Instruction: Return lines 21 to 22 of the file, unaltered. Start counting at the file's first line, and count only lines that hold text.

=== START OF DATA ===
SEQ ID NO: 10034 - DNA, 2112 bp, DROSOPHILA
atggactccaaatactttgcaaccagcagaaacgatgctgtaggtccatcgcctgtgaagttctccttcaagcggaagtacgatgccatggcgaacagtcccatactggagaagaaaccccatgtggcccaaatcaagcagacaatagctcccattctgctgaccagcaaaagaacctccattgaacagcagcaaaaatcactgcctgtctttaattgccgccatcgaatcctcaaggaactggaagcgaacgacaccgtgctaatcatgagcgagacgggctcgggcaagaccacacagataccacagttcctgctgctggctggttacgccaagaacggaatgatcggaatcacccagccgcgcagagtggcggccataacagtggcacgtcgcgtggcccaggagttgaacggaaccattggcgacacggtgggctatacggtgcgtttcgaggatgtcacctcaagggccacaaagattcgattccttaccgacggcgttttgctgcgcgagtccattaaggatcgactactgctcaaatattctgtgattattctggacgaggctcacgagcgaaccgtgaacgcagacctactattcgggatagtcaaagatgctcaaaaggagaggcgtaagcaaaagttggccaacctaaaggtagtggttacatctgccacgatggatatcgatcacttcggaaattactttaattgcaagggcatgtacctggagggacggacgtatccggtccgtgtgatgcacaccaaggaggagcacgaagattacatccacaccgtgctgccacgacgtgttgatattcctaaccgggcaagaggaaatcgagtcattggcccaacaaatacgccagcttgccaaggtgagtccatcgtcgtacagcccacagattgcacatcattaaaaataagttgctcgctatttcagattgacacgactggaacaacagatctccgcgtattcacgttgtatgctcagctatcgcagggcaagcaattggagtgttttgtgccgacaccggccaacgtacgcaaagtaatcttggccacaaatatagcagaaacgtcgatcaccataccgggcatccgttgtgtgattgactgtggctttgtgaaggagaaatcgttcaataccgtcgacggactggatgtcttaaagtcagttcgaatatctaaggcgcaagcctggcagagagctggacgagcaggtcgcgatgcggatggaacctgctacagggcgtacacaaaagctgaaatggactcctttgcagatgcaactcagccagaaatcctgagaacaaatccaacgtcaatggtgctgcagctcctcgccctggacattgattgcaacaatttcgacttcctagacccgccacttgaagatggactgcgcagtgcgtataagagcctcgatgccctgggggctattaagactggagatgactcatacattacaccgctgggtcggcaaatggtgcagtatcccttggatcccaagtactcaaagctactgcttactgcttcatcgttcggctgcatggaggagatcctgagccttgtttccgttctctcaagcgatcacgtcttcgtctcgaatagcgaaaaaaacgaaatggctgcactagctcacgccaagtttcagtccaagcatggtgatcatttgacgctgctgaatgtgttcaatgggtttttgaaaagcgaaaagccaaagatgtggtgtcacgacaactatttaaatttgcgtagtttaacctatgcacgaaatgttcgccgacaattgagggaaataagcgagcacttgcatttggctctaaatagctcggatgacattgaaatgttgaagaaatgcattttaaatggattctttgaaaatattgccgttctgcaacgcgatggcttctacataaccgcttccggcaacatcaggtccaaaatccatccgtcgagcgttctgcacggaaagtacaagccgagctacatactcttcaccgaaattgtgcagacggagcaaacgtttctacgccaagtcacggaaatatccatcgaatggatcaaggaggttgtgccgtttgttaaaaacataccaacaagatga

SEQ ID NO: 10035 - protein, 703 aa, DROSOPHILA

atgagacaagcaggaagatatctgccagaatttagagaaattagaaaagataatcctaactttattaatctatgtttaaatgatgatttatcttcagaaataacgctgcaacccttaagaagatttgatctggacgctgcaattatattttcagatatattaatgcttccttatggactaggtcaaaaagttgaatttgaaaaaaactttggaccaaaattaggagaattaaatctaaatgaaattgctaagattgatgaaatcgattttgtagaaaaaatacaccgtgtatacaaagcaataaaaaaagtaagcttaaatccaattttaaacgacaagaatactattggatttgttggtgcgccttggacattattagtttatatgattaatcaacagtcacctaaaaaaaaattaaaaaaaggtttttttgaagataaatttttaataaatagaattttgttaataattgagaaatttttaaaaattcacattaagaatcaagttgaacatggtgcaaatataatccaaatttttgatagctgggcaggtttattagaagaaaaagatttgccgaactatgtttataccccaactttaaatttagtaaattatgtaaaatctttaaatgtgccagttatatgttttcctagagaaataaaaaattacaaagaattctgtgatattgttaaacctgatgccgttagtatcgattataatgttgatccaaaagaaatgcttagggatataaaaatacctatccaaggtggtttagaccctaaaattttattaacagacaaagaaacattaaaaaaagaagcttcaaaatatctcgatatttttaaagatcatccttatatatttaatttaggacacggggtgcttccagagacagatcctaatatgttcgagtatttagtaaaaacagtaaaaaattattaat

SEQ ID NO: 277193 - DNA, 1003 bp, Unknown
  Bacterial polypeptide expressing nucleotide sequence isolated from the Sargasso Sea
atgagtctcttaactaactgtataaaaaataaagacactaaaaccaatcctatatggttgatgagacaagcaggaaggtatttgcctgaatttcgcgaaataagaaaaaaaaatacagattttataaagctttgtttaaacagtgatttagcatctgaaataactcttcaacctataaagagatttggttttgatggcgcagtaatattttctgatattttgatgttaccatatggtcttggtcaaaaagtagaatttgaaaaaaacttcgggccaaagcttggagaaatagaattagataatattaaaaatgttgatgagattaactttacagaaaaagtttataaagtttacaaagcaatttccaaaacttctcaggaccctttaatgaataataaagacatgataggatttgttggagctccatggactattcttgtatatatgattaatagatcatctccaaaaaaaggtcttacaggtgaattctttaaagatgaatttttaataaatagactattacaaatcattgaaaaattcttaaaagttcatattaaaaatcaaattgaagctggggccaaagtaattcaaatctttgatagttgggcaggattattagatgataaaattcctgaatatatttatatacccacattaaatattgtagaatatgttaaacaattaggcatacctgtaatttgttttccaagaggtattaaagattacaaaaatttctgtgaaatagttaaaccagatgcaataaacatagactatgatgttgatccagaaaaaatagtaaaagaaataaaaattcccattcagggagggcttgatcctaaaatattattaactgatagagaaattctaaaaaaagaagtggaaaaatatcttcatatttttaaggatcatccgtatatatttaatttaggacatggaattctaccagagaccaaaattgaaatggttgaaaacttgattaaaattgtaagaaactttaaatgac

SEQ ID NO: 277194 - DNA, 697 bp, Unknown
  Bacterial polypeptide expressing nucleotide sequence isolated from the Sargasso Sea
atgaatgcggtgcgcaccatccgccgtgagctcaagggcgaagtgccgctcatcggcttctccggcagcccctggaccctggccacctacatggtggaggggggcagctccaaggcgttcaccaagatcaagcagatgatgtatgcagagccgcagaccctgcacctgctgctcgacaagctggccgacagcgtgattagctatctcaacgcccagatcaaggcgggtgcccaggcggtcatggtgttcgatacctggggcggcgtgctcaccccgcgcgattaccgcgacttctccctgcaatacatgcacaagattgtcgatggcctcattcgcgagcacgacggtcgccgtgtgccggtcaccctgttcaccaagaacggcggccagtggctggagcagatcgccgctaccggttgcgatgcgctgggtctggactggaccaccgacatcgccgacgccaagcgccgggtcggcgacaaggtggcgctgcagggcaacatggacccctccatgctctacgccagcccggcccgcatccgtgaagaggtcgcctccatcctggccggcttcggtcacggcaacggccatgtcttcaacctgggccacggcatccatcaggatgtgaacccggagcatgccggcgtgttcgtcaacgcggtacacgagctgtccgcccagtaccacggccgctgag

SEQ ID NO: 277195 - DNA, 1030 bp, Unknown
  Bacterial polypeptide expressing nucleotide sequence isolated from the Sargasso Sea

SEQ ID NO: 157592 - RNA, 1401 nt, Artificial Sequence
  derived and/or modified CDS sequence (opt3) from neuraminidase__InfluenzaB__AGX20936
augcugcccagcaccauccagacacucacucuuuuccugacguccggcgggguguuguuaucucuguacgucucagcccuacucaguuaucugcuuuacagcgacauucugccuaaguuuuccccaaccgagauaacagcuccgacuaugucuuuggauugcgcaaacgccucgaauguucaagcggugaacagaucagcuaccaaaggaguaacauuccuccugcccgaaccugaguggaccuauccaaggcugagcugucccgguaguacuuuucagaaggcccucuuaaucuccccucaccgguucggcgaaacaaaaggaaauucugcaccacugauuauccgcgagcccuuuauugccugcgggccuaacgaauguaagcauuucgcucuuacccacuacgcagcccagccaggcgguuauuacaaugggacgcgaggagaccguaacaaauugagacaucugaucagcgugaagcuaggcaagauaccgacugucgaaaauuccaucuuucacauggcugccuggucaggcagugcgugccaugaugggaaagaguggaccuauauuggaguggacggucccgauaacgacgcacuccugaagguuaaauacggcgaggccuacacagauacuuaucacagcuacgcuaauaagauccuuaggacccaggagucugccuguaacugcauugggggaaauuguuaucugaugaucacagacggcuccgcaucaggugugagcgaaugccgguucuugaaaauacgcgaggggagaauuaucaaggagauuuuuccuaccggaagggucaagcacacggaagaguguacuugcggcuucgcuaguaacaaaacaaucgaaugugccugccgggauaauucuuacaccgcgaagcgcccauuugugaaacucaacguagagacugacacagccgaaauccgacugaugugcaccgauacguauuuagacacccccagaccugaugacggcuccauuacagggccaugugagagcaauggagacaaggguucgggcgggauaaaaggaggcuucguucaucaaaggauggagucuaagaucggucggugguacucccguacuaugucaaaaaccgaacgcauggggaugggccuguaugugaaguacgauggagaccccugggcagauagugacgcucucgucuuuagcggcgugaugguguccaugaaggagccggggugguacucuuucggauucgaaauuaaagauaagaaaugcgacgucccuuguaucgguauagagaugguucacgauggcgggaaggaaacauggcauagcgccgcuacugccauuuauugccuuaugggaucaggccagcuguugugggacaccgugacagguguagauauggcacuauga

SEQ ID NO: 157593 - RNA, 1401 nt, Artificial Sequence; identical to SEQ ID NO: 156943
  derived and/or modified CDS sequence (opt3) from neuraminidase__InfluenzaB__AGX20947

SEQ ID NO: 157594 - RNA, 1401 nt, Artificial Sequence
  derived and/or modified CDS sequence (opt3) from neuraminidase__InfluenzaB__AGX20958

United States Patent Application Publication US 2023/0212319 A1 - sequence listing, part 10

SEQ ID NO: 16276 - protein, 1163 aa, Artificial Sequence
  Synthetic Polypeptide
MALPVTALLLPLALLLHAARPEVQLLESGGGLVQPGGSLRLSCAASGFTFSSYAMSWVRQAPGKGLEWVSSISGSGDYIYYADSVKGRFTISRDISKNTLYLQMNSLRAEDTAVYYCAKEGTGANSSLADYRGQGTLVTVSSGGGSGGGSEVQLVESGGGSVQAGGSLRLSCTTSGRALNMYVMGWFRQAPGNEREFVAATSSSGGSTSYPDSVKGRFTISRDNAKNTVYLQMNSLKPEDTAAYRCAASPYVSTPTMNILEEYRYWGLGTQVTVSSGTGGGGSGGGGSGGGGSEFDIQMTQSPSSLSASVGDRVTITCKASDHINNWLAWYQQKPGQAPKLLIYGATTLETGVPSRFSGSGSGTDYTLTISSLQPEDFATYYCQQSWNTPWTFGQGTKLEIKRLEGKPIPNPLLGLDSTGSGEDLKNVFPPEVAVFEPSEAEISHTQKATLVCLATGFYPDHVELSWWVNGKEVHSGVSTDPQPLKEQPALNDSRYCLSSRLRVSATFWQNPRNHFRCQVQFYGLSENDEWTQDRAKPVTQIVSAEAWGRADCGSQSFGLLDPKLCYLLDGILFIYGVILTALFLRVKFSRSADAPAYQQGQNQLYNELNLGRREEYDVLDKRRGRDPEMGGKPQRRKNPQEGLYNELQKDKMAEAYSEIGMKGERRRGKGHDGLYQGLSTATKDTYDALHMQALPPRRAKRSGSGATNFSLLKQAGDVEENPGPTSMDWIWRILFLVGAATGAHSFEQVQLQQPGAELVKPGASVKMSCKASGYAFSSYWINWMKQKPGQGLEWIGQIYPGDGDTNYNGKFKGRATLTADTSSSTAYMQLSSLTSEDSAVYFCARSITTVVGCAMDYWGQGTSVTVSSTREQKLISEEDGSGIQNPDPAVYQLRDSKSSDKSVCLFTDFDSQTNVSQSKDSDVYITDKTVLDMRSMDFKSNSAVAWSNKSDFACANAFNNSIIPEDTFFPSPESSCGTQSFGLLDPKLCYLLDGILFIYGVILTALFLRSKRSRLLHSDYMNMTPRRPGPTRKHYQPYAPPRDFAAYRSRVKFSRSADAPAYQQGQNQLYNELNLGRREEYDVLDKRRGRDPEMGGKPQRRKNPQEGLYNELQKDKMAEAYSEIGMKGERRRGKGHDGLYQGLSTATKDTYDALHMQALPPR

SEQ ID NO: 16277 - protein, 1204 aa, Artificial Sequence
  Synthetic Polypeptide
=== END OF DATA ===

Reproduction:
SEQ ID NO: 16276 - protein, 1163 aa, Artificial Sequence
  Synthetic Polypeptide